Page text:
CC BY-NC-ND 4.0 · Endosc Int Open 2022; 10(09): E1254-E1260
DOI: 10.1055/a-1895-9507
Original article

Excellent oncological outcomes besides short-term safety of laparoscopic and endoscopic cooperative surgery for gastric gastrointestinal stromal tumor

Hiroki Harada
1   Department of Gastroenterological Surgery, Gastroenterological Center, Cancer Institute Hospital, Japanese Foundation for Cancer Research, Tokyo, Japan
2   Department of Upper-gastrointestinal Surgery, Kitasato University School of Medicine, Kanagawa, Japan
,
Manabu Ohashi
1   Department of Gastroenterological Surgery, Gastroenterological Center, Cancer Institute Hospital, Japanese Foundation for Cancer Research, Tokyo, Japan
,
Naoki Hiki
2   Department of Upper-gastrointestinal Surgery, Kitasato University School of Medicine, Kanagawa, Japan
,
Junko Fujisaki
3   Department of Gastroenterology, Cancer Institute Hospital, Japanese Foundation for Cancer Research, Tokyo, Japan
,
Toshiaki Hirasawa
3   Department of Gastroenterology, Cancer Institute Hospital, Japanese Foundation for Cancer Research, Tokyo, Japan
,
Yorimasa Yamamoto
4   Division of Gastroenterology, Endoscopy Center, Showa University Fujigaoka Hospital, Yokohama, Japan
,
Rie Makuuchi
1   Department of Gastroenterological Surgery, Gastroenterological Center, Cancer Institute Hospital, Japanese Foundation for Cancer Research, Tokyo, Japan
,
Satoshi Ida
1   Department of Gastroenterological Surgery, Gastroenterological Center, Cancer Institute Hospital, Japanese Foundation for Cancer Research, Tokyo, Japan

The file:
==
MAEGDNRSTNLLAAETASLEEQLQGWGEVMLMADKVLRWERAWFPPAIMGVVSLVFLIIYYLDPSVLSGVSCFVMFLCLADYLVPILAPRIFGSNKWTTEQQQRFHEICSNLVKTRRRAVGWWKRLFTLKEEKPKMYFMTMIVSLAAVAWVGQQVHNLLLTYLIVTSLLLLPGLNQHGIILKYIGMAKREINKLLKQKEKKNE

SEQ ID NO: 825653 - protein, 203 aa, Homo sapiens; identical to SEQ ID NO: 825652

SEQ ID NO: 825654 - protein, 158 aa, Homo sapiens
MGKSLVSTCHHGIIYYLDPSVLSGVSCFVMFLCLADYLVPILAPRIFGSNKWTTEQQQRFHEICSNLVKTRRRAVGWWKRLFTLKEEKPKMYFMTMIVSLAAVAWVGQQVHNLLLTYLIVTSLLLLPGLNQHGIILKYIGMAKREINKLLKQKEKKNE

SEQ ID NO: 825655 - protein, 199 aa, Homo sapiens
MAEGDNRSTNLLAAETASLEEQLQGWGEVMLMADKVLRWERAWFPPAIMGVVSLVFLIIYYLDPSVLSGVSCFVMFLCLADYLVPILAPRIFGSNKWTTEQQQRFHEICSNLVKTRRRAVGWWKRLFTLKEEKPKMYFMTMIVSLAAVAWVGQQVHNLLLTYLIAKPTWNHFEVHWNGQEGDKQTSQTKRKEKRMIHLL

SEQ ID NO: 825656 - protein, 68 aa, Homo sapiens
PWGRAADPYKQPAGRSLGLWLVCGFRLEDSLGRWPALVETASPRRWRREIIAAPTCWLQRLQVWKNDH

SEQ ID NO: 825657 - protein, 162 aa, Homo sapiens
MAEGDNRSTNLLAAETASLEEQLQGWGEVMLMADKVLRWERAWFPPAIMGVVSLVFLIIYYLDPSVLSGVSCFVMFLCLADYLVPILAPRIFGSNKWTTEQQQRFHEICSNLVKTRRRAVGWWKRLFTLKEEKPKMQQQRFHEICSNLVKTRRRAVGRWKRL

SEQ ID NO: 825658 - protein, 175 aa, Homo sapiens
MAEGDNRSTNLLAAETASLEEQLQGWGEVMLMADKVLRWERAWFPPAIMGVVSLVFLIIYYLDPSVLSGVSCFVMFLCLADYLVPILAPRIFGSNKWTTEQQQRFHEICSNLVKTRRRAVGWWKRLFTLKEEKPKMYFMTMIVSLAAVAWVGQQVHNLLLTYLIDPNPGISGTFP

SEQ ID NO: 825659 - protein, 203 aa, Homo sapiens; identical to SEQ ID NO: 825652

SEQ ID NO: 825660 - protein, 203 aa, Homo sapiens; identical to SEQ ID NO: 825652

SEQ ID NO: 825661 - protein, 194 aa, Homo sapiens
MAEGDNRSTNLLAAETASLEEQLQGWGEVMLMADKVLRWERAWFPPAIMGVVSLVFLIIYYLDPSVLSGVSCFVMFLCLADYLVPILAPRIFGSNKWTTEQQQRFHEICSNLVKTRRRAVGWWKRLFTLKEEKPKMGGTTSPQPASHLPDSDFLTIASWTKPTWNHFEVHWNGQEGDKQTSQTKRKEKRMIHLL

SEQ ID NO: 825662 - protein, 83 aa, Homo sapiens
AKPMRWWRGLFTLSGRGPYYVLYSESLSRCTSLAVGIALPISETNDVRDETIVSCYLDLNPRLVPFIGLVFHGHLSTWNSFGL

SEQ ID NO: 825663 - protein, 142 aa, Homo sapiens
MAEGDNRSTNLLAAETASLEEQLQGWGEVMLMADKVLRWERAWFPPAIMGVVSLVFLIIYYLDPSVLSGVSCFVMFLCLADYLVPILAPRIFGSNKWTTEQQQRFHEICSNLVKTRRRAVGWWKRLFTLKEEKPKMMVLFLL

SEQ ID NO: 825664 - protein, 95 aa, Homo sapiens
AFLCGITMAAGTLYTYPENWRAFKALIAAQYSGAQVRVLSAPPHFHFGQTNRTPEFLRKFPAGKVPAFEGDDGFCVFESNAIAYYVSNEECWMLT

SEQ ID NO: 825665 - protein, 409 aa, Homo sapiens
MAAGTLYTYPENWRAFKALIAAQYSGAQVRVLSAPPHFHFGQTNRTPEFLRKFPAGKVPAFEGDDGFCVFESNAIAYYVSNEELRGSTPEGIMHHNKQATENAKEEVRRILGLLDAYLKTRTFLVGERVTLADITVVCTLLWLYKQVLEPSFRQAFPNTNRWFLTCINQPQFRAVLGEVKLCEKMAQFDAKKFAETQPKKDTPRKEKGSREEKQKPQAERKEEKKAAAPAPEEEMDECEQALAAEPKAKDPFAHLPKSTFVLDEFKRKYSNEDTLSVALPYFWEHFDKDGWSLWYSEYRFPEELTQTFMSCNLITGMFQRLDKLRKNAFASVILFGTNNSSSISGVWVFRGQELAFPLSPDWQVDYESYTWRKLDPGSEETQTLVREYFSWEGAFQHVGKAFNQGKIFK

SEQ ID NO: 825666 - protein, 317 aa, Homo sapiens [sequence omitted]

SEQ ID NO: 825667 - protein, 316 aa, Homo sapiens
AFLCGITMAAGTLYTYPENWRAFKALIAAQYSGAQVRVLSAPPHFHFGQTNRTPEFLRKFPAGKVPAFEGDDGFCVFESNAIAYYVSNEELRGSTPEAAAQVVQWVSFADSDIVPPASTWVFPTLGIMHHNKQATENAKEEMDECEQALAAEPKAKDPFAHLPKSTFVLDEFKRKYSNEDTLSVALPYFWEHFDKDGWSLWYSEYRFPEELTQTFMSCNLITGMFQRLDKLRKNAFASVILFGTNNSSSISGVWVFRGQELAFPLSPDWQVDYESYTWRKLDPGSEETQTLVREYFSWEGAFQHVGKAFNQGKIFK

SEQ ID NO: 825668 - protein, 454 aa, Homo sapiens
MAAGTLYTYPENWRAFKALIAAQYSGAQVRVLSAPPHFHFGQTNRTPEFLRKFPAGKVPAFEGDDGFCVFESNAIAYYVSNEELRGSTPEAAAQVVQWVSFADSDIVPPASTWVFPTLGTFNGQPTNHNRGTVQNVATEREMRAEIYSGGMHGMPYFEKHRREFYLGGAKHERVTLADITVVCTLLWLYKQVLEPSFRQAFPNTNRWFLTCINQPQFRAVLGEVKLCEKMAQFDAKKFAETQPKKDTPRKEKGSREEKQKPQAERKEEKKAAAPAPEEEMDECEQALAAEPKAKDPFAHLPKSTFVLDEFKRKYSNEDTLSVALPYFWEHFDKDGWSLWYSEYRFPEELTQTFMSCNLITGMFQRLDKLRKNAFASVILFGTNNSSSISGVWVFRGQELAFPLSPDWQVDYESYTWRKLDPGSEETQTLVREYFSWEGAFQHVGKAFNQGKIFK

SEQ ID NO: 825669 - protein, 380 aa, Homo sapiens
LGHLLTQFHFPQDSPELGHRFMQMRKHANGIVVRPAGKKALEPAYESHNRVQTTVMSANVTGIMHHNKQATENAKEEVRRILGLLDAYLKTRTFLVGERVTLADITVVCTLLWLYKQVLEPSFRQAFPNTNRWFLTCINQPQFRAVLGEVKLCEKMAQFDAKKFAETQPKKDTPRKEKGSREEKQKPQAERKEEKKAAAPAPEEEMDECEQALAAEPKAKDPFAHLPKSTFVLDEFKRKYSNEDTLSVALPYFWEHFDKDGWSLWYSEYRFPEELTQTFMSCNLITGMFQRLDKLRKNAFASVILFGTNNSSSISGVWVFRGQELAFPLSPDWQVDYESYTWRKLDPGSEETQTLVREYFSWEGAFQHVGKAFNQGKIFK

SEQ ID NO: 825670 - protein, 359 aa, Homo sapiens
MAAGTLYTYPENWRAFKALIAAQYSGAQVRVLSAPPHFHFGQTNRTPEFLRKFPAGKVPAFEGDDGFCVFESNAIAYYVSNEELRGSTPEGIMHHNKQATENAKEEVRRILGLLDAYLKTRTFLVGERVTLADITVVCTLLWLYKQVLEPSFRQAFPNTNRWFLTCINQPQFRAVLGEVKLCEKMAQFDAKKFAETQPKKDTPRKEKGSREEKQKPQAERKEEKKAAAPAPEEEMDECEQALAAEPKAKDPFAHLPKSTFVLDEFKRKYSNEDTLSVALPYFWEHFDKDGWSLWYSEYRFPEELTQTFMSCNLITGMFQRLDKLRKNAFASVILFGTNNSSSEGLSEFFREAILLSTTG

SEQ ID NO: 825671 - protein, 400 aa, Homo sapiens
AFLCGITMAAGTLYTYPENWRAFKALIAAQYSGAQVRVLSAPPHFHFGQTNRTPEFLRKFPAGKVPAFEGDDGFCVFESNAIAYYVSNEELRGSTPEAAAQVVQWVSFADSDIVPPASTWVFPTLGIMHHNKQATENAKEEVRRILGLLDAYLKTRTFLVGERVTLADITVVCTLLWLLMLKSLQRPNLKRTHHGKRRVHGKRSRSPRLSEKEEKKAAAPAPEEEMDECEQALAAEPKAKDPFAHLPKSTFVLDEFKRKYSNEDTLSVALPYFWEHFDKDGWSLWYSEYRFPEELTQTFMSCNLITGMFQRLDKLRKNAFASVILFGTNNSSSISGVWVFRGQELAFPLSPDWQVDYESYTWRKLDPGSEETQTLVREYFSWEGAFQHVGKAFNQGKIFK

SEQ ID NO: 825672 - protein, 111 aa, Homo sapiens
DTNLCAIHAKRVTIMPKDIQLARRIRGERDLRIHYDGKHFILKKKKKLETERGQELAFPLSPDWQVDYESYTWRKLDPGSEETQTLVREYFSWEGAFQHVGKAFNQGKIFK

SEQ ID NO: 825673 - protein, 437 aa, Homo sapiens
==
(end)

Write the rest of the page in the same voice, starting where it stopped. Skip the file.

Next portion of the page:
,
Masaru Hayami
1   Department of Gastroenterological Surgery, Gastroenterological Center, Cancer Institute Hospital, Japanese Foundation for Cancer Research, Tokyo, Japan
,
Koshi Kumagai
1   Department of Gastroenterological Surgery, Gastroenterological Center, Cancer Institute Hospital, Japanese Foundation for Cancer Research, Tokyo, Japan
,
Takeshi Sano
1   Department of Gastroenterological Surgery, Gastroenterological Center, Cancer Institute Hospital, Japanese Foundation for Cancer Research, Tokyo, Japan
,
Souya Nunobe
1   Department of Gastroenterological Surgery, Gastroenterological Center, Cancer Institute Hospital, Japanese Foundation for Cancer Research, Tokyo, Japan
› Author Affiliations
 

Abstract

Background and study aims Laparoscopic and endoscopic cooperative surgery (LECS) for gastric submucosal tumor was developed as a type of minimal local resection and is now widely used in Asian countries. However, the oncological safety of LECS for gastric gastrointestinal stromal tumor (GIST) remains unclear. LECS has potential oncology-related problems that may influence survival outcomes. Furthermore, the feasibility and safety of LECS have not yet been fully established.